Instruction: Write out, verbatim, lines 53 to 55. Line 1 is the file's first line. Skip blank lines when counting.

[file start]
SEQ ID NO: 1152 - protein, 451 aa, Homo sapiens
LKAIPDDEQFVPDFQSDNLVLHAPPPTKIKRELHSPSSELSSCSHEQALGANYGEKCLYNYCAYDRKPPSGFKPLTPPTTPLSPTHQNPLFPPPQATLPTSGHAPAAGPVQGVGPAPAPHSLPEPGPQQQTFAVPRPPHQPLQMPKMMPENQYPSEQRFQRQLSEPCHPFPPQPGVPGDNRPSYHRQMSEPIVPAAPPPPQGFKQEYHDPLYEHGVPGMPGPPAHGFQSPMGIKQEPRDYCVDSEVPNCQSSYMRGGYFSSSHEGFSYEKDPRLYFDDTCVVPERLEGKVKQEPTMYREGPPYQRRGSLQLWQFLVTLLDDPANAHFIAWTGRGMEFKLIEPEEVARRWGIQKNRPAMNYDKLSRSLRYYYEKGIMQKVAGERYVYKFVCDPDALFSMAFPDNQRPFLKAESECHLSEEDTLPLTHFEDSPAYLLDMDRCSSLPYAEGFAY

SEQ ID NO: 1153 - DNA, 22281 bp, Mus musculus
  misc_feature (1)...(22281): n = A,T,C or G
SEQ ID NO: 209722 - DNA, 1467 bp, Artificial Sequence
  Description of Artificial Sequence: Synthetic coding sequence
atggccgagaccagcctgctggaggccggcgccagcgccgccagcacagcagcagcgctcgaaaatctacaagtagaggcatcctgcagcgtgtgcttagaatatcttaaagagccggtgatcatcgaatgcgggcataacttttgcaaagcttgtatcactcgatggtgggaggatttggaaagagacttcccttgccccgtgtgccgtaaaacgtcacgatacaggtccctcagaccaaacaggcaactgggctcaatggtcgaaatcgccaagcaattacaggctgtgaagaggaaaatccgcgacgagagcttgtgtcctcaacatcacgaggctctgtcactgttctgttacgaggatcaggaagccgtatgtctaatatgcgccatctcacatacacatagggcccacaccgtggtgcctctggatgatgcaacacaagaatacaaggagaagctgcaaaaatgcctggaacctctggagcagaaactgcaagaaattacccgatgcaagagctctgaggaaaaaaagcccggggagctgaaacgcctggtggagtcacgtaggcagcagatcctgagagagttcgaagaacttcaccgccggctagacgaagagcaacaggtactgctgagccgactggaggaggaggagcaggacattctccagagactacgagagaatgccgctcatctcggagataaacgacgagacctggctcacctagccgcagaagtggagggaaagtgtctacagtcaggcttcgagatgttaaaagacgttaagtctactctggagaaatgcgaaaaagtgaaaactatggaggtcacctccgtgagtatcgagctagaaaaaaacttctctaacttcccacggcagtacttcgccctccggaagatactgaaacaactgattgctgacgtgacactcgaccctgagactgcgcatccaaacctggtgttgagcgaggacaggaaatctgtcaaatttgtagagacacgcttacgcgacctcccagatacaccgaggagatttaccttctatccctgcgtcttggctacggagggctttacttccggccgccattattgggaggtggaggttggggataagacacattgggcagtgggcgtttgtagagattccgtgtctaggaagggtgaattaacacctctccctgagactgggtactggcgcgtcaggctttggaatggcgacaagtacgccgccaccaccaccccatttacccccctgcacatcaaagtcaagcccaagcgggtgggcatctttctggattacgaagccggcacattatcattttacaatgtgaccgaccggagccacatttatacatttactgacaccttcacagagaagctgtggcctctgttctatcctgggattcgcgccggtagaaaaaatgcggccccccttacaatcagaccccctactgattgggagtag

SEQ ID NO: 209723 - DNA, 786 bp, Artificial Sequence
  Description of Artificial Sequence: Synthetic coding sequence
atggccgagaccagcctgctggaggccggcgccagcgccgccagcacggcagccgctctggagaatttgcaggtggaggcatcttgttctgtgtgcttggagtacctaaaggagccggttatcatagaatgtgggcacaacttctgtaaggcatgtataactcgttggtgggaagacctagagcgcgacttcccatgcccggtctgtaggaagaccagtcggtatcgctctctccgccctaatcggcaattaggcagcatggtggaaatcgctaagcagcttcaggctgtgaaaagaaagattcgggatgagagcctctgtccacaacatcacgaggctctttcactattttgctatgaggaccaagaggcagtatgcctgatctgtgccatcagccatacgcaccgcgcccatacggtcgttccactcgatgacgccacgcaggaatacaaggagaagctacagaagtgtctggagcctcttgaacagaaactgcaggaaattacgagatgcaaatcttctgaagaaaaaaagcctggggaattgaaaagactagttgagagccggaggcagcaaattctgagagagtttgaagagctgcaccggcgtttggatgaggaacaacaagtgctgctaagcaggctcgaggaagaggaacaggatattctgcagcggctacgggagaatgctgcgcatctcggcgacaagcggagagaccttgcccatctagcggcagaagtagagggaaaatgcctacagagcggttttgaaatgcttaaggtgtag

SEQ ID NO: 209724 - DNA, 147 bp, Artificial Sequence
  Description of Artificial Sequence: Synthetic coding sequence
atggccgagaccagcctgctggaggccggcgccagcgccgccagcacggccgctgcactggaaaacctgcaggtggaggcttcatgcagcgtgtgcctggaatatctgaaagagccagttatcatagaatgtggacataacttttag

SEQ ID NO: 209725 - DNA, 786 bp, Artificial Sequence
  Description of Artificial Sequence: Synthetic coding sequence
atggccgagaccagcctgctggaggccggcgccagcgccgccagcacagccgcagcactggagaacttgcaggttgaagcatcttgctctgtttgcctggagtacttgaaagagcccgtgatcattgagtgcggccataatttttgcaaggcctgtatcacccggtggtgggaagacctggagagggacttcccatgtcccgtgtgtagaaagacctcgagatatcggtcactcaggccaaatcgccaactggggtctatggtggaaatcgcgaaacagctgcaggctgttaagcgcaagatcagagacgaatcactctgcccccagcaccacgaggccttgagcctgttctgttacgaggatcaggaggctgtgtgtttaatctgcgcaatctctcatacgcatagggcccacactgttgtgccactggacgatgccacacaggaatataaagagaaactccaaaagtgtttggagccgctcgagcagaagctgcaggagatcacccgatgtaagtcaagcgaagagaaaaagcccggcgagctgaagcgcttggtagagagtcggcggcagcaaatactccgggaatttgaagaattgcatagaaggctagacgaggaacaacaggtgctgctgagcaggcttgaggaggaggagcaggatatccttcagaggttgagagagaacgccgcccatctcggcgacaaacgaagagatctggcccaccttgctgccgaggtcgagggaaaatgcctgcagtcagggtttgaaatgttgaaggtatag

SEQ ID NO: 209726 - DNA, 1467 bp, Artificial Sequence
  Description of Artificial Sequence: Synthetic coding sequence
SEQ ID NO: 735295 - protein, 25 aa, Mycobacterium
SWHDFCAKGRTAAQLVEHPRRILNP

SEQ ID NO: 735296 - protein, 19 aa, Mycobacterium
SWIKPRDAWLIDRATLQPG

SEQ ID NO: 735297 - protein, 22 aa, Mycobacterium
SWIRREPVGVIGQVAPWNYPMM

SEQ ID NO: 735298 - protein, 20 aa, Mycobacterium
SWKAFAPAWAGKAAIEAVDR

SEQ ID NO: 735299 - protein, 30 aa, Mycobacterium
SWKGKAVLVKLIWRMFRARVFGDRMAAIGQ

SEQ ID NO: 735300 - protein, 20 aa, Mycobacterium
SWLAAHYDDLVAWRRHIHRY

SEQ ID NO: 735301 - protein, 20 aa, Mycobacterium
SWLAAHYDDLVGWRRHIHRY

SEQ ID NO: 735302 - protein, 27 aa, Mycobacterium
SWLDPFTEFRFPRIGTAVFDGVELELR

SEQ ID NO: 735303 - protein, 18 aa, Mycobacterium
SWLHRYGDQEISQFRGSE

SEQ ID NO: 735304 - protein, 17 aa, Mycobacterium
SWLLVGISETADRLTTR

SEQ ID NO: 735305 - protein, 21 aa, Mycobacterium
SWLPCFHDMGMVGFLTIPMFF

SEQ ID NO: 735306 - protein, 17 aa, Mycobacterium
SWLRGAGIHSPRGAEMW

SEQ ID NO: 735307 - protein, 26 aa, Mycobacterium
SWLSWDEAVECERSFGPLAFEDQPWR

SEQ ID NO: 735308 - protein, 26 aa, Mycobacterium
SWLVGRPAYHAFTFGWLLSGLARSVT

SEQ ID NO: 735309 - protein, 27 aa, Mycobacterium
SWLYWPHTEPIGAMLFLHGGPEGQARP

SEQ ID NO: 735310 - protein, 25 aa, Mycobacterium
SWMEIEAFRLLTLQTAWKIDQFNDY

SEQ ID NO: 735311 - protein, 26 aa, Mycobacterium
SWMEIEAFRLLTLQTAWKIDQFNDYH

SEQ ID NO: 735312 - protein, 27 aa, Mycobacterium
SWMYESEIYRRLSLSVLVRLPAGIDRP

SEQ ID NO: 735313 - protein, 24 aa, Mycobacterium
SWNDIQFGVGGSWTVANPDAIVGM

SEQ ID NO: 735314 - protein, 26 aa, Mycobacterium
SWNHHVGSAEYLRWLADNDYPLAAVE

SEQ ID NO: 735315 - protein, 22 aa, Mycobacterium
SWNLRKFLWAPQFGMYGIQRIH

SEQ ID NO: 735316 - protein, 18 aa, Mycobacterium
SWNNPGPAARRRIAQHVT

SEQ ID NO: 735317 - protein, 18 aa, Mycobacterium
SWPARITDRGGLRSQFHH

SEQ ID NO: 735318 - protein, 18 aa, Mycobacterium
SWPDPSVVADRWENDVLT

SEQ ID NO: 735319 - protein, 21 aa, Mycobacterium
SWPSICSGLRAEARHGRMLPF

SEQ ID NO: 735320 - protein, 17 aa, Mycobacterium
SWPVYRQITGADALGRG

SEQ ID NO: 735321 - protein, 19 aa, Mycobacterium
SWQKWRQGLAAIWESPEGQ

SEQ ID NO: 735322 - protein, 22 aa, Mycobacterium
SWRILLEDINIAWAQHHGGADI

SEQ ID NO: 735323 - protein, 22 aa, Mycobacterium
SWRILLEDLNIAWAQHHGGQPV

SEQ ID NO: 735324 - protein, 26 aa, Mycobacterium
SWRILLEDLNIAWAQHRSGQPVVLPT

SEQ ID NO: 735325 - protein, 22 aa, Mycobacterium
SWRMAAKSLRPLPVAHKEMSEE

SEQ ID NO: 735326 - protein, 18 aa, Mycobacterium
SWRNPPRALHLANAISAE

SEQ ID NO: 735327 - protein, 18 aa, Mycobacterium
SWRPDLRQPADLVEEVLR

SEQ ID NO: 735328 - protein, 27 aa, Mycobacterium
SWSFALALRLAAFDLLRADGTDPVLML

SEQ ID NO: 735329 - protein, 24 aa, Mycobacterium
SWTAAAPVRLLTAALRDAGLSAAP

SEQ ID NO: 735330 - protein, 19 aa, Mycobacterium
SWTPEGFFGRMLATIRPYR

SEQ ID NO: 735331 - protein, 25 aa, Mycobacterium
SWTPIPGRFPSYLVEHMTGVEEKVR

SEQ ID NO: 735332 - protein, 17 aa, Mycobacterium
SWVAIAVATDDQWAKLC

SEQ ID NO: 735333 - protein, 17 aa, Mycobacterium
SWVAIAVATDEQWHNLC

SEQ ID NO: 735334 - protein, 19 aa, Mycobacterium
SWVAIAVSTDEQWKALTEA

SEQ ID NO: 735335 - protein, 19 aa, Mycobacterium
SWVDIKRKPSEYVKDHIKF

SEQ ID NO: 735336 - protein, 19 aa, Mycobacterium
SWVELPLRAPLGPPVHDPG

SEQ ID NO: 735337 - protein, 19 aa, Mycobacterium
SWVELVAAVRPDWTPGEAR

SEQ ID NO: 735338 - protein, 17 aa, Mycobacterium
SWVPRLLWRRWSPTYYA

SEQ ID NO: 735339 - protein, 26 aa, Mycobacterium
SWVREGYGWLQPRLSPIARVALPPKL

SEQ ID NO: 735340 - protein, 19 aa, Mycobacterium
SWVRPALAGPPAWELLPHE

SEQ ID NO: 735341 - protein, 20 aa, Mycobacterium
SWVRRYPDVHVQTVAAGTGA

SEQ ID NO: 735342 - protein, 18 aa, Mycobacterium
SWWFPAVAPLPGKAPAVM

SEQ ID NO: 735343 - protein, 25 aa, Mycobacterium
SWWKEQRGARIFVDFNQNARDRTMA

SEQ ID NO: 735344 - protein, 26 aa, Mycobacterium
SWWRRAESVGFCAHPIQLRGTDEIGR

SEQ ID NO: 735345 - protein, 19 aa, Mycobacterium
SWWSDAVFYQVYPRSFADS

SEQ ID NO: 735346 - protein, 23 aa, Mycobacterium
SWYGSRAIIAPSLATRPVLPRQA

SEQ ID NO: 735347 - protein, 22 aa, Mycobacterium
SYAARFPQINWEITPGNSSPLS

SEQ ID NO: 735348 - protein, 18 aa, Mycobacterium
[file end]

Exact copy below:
SEQ ID NO: 735312 - protein, 27 aa, Mycobacterium
SWMYESEIYRRLSLSVLVRLPAGIDRP

SEQ ID NO: 735313 - protein, 24 aa, Mycobacterium